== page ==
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or incapability of the President, the Vice-President assumes the duties of the office and continues to discharge them (in case of the President's death) till the end of the term for which the two were elected, or (in case of temporary disability) till the disability of the President shall have passed away. Several times in the history of the country has the Vice-President been called to the presidential chair — the first case being that of John Tyler, who succeeded William H. Harrison; then came Millard Fillmore, who succeeded Zachary Taylor; Andrew Johnson, who succeeded Abraham Lincoln; Chester A. Arthur, who succeeded James A. Garfield; and Theodore Roosevelt, who succeeded William McKinley. (See United States.)

VICEROY, the governor of a kingdom or country, who rules in the name of the king or queen with regal authority as the king's or queen's substitute.

VICHY, a town of France, in the department of the Allier; in a valley of the river of that name, about 70 miles S. E. of Paris. It was once a place of strength, and is celebrated for its thermal alkaline springs. The Vichy waters are in much request for disorders of the stomach and bowels, and of the urinary organs, in gout, rheumatism, etc. Much of the water is sent out in bottles. Pop. about 17,500.

VICKSBURG, a city and county-seat of Warren co., Miss.; on the Mississippi river, about 1 mile S. of the mouth of the Yazoo, and on the Yazoo and Mississippi, the Alabama and Vicksburg, and the Vicksburg, Shreveport, and Pacific railroads; 45 miles W. of Jackson. The site is elevated and uneven, but in the midst of beautiful scenery. Here are St. Francis Xavier's Academy, St. Aloysius' Commercial College, Charity Hospital, waterworks, electric lights, a National cemetery (in the suburbs) where 17,000 Union dead are buried, court house, a United States government building. National and State banks, and a number of daily and weekly newspapers. Vicksburg is a port of entry, and has an extensive trade in cotton, of which it ships about 90,000 bales annually. It has railroad car shops, foundries, cotton-seed oil and lumber mills, and many smaller industries. During the Civil War Vicksburg was strongly fortified by the Confederates, who several times repulsed land and naval attacks, but were forced to surrender to General Grant, July 4, 1863, after a long siege. In 1876 the river cut through a neck of land, making the city an island. Since then the National Government has been restoring the harbor at a cost of about $1,250,000. Pop. (1910) 20,814; (1920) 18,072.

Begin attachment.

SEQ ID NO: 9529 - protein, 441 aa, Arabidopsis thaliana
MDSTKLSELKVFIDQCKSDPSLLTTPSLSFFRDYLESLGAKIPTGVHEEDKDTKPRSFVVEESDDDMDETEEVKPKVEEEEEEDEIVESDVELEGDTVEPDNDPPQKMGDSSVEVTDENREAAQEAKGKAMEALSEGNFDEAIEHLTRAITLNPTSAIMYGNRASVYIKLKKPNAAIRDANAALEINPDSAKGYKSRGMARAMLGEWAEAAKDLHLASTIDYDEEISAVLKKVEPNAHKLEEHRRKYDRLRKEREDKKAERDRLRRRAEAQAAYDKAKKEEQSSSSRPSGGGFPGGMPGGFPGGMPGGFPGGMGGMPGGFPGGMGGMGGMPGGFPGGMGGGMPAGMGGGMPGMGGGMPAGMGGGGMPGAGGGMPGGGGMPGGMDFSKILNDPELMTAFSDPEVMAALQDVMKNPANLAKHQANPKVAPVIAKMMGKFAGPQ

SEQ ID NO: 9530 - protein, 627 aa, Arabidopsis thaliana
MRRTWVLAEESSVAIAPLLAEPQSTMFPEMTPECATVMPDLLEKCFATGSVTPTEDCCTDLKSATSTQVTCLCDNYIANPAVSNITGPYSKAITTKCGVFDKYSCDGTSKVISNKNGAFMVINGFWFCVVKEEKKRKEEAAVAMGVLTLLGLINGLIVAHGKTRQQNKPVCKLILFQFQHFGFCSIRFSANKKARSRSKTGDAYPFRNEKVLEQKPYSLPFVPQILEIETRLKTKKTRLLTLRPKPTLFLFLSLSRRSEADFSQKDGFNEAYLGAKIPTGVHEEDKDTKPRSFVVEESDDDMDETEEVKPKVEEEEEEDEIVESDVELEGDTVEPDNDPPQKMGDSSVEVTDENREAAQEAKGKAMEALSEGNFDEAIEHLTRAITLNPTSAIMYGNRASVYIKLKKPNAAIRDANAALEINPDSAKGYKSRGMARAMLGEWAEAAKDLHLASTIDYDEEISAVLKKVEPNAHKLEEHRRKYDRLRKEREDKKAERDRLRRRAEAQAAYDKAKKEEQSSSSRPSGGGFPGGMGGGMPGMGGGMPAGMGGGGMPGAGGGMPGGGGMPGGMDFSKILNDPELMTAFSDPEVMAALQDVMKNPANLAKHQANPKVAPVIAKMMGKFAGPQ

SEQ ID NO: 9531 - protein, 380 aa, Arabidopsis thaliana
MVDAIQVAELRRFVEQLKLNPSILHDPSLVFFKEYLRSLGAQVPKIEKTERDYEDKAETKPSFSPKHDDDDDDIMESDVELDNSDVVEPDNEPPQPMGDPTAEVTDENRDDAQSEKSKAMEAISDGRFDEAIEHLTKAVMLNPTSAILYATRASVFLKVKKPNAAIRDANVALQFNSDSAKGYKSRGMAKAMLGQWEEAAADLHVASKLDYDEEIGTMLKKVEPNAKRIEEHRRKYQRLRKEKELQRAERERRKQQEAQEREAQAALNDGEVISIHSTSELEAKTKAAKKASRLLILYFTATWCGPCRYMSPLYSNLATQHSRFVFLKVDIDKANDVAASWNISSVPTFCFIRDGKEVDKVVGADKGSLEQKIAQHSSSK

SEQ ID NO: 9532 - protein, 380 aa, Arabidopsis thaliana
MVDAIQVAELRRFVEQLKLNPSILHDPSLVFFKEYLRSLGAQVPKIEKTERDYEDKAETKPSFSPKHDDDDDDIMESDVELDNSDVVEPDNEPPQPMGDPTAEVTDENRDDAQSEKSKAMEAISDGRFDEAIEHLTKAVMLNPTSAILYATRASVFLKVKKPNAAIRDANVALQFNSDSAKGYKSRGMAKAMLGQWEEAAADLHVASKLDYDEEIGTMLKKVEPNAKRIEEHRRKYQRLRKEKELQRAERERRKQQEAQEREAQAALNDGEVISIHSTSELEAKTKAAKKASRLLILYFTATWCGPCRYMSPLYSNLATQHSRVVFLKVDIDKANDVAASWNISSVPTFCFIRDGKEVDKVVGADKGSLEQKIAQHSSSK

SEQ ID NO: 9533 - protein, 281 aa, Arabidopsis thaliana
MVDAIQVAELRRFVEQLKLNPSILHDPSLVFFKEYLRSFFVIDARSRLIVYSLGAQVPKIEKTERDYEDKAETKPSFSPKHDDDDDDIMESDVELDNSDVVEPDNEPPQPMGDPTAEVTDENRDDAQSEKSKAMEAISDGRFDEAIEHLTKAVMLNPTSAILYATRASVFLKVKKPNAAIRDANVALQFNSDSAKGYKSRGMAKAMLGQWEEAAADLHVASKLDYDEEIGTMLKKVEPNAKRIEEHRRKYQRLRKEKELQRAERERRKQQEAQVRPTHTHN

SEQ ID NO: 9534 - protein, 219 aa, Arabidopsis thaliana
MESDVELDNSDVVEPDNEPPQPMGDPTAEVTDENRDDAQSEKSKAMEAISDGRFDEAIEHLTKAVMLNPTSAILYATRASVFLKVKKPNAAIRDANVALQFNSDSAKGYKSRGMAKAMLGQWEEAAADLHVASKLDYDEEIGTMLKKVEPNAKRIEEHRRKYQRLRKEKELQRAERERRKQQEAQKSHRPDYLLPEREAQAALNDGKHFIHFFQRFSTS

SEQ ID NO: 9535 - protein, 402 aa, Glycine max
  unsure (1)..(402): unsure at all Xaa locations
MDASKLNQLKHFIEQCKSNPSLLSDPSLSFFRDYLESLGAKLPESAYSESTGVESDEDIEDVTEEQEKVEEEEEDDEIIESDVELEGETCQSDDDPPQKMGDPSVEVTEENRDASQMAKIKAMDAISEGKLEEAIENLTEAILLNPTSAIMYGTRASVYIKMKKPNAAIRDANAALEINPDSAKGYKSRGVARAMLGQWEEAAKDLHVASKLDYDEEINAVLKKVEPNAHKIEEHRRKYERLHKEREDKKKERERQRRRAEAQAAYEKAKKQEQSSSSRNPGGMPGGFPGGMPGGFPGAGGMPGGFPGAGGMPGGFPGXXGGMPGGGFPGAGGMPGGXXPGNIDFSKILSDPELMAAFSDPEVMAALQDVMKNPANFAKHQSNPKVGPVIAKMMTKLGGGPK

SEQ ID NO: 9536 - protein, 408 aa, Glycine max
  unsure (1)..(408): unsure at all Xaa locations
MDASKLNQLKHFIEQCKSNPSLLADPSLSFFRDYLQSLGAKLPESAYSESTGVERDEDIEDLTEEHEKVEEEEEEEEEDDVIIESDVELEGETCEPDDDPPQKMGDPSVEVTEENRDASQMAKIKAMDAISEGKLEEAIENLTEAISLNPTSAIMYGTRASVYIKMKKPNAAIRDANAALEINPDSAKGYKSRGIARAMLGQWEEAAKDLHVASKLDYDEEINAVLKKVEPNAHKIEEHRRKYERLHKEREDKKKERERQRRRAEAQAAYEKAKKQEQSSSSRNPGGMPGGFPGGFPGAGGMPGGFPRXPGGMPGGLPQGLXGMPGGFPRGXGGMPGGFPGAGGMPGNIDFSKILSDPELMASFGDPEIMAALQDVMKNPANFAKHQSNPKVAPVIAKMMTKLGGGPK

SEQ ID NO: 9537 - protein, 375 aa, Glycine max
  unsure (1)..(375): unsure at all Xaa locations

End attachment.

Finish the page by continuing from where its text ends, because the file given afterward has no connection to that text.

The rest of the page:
VICTOR AMADEUS I., Duke of Savoy; born in 1587, son of Charles Emmanuel I., and crowned 1630. He married the sister of Louis XIII. of France, and in his later years commanded the forces of that sovereign in his Italian wars. He died in 1637.

VICTOR AMADEUS II., Duke of Savoy, and first King of Sardinia; born in 1666; succeeded his father in the duchy, in 1675. He married Maria d'Orleans, niece of Louis XIV., but entered, nevertheless, on a tortuous policy, which involved him in a war with that monarch. Having acquired Sicily, he exchanged that kingdom in 1718, for Sardinia, by treaty with the emperor. He died in 1732, two years after his abdication in favor of his son.

VICTOR AMADEUS III., son and successor of Charles Emmanuel III.; born in 1726, ascended the throne in 1773. He founded the Academy of Sciences at Turin, and exhibited the utmost anxiety for the welfare of his subjects. His hostility to the revolution in France provoked a contest with that country, in which his throne fell by the arms of Bonaparte. He died in 1796.

VICTOR EMMANUEL I., King of Sardinia, son of Victor Amadeus III.; born in 1759, succeeded his brother, Charles Emmanuel IV., 1802, abdicated during a revolt, 1821, and died in 1824.

VICTOR EMMANUEL II., King of Italy, son of Charles Albert, King of Sardinia; born in Turin, Italy, March 14, 1820. While heir apparent, he fought in the campaign against the Austrians, which, terminating in the disastrous battle of Novara, caused his father to abdicate. He became king in 1849, under the most unfavorable circumstances, for he had to avert the consequences of a most disastrous war, to allay faction, and to preserve the constitution; to annul which, it is said, Austria endeavored to bribe him with the offer of Parma. On securing the services of eminent statesmen, and chiefly of the illustrious Cavour, he obtained a treaty of peace with Austria on comparatively easy terms, and undertook the complete reorganization of finances, the army, and the system of public education. After forming a close alliance with France, Victor Emmanuel, in 1859, again engaged in a war with Austria, which power, after being totally defeated in a short campaign, abandoned Lombardy to the Italians. In 1861,